Carleton Curatorial Laboratory (CCL): HERbarium

September 11 - December 3, 2017

So, what is an “herbarium?” and why is she the focus of this exhibition?

An herbarium is a collection of dried and preserved pressed plants or fungi that are stored, catalogued and arranged systematically for study.

In highlighting the “her” within HERbarium, this exhibition focuses on the highly skilled and little-known women who contributed to the collection, identification, illustration, production and distribution of early scientific knowledge within the field of botany in Canada.

Because of the accessible nature of botany close to home, and a national pursuit and desire to see, describe and classify flora and fauna species that were distinct from Europe within a then-young Canada, botany was the first natural science formally practiced by Canadian women.

With examples of path-breaking contributions by Catharine Parr Traill, Lady Dalhousie, Faith Fyles, Dr. Irene Mounce and Dr. Mildred Nobles, HERbarium looks back at an important and underrepresented history.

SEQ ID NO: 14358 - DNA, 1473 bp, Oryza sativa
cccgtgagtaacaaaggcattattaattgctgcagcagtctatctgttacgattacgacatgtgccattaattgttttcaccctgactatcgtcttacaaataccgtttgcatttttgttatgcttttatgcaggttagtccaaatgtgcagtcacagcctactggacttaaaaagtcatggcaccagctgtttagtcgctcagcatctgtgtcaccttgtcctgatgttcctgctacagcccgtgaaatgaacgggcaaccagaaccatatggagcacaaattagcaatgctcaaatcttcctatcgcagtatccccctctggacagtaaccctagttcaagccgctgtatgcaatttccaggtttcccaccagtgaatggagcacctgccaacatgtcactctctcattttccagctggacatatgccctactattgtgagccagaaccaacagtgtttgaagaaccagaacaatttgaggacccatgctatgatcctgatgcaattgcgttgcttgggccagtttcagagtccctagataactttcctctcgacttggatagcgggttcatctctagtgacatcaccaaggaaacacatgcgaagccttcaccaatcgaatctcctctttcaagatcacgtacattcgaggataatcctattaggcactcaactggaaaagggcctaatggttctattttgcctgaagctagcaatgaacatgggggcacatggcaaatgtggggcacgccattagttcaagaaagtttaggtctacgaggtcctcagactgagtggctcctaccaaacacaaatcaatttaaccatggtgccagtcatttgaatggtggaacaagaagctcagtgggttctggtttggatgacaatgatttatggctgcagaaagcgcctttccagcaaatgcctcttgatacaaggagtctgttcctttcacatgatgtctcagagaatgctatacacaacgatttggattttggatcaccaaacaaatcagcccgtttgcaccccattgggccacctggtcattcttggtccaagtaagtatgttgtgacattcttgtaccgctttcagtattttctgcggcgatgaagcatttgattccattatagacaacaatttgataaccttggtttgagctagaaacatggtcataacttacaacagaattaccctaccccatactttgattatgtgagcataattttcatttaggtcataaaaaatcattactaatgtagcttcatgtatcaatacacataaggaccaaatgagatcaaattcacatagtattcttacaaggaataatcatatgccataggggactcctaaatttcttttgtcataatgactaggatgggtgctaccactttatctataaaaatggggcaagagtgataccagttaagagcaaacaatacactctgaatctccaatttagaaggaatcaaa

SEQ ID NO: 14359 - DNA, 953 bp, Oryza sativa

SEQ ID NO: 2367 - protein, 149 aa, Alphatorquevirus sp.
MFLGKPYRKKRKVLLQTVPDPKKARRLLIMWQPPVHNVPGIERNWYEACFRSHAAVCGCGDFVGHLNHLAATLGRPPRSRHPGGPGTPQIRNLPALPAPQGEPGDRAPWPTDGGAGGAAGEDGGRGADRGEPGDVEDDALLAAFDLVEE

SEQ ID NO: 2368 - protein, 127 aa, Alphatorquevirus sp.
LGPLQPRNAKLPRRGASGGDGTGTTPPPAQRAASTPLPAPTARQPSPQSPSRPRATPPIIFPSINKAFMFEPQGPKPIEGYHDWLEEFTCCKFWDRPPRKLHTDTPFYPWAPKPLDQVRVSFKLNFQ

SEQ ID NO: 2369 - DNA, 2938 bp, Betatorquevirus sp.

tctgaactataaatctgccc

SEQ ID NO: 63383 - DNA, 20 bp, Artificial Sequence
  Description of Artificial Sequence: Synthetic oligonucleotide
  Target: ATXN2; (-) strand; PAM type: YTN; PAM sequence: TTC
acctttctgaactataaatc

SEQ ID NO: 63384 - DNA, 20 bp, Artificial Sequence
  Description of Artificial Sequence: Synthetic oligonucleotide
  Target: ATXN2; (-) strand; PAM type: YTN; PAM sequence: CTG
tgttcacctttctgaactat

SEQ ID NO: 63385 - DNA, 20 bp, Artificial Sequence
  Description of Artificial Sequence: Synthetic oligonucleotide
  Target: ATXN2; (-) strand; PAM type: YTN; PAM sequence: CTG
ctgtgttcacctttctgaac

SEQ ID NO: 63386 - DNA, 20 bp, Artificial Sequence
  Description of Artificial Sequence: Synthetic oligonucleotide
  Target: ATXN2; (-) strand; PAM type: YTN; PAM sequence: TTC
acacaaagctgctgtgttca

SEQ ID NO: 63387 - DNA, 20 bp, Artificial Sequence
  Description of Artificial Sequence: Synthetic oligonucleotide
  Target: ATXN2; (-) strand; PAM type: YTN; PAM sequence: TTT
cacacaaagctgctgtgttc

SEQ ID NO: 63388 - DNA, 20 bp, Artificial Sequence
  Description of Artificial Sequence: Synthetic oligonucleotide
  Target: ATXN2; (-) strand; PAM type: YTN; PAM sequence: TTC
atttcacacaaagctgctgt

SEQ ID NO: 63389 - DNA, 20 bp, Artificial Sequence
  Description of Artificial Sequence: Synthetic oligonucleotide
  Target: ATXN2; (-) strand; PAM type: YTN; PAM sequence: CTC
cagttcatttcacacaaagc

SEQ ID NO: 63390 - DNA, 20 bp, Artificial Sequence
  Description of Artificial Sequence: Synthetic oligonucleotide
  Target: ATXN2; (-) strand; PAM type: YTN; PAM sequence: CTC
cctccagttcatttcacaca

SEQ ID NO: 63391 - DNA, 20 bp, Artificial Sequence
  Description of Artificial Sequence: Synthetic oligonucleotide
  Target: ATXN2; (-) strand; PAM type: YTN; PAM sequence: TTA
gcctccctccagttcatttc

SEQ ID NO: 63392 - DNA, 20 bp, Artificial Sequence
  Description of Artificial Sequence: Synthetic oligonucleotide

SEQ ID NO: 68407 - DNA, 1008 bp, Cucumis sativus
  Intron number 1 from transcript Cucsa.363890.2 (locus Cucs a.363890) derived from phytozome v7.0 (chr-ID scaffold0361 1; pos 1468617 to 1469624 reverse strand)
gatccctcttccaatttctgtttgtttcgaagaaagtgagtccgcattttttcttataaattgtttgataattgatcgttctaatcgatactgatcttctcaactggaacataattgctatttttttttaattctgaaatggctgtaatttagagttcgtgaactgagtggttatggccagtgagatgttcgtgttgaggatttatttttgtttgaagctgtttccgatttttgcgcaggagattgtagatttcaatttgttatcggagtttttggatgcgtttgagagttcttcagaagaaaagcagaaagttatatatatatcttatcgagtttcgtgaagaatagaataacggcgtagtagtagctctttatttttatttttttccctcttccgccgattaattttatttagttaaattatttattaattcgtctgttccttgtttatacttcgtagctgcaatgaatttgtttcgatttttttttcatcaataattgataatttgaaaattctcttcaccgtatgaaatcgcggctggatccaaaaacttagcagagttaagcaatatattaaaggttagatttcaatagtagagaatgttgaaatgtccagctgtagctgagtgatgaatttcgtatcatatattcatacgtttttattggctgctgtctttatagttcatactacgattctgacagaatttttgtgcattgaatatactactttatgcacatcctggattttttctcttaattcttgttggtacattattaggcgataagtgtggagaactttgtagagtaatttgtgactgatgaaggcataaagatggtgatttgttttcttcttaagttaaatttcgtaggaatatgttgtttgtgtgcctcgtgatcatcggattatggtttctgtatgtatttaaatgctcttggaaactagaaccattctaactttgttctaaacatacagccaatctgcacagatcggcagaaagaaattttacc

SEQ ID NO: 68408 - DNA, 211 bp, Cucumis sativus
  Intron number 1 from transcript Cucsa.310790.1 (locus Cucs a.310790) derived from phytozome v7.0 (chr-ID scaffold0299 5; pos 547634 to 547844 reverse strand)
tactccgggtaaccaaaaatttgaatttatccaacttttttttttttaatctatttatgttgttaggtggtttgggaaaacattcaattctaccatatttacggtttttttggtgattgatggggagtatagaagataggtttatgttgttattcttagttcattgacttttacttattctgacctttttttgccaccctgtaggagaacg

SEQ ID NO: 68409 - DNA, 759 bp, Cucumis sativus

It also includes a copy of the “Privy Council Letter, 1920 – Women, Marriage, Employment” which outlines the federal policy in effect until 1955 that prohibited a woman upon marriage from continuing her career as a federal employee.

HERbarium also looks forward at the continuing need to encourage women to pursue careers in science, where they face ongoing discrimination on the basis of intersections of gender, race, sexuality, dis/ability and class.

This exhibition has been developed for the Carleton Curatorial Laboratory in collaboration with Dr. Cindy Stelmackowich as part of her seminar “Representations of Women’s Scientific Contributions” offered through the Pauline Jewett Institute of Women’s and Gender Studies at Carleton University.

Curated by

Josie Arruejo, Chelsea Black, James Botte, Brigid Christison, Michelle Jackson and Sharon Odell

Artists in the exhibition

Catharine Parr Traill, Faith Fyles, Irene Mounce, Mildred Nobles, and Agnes FitzGibbon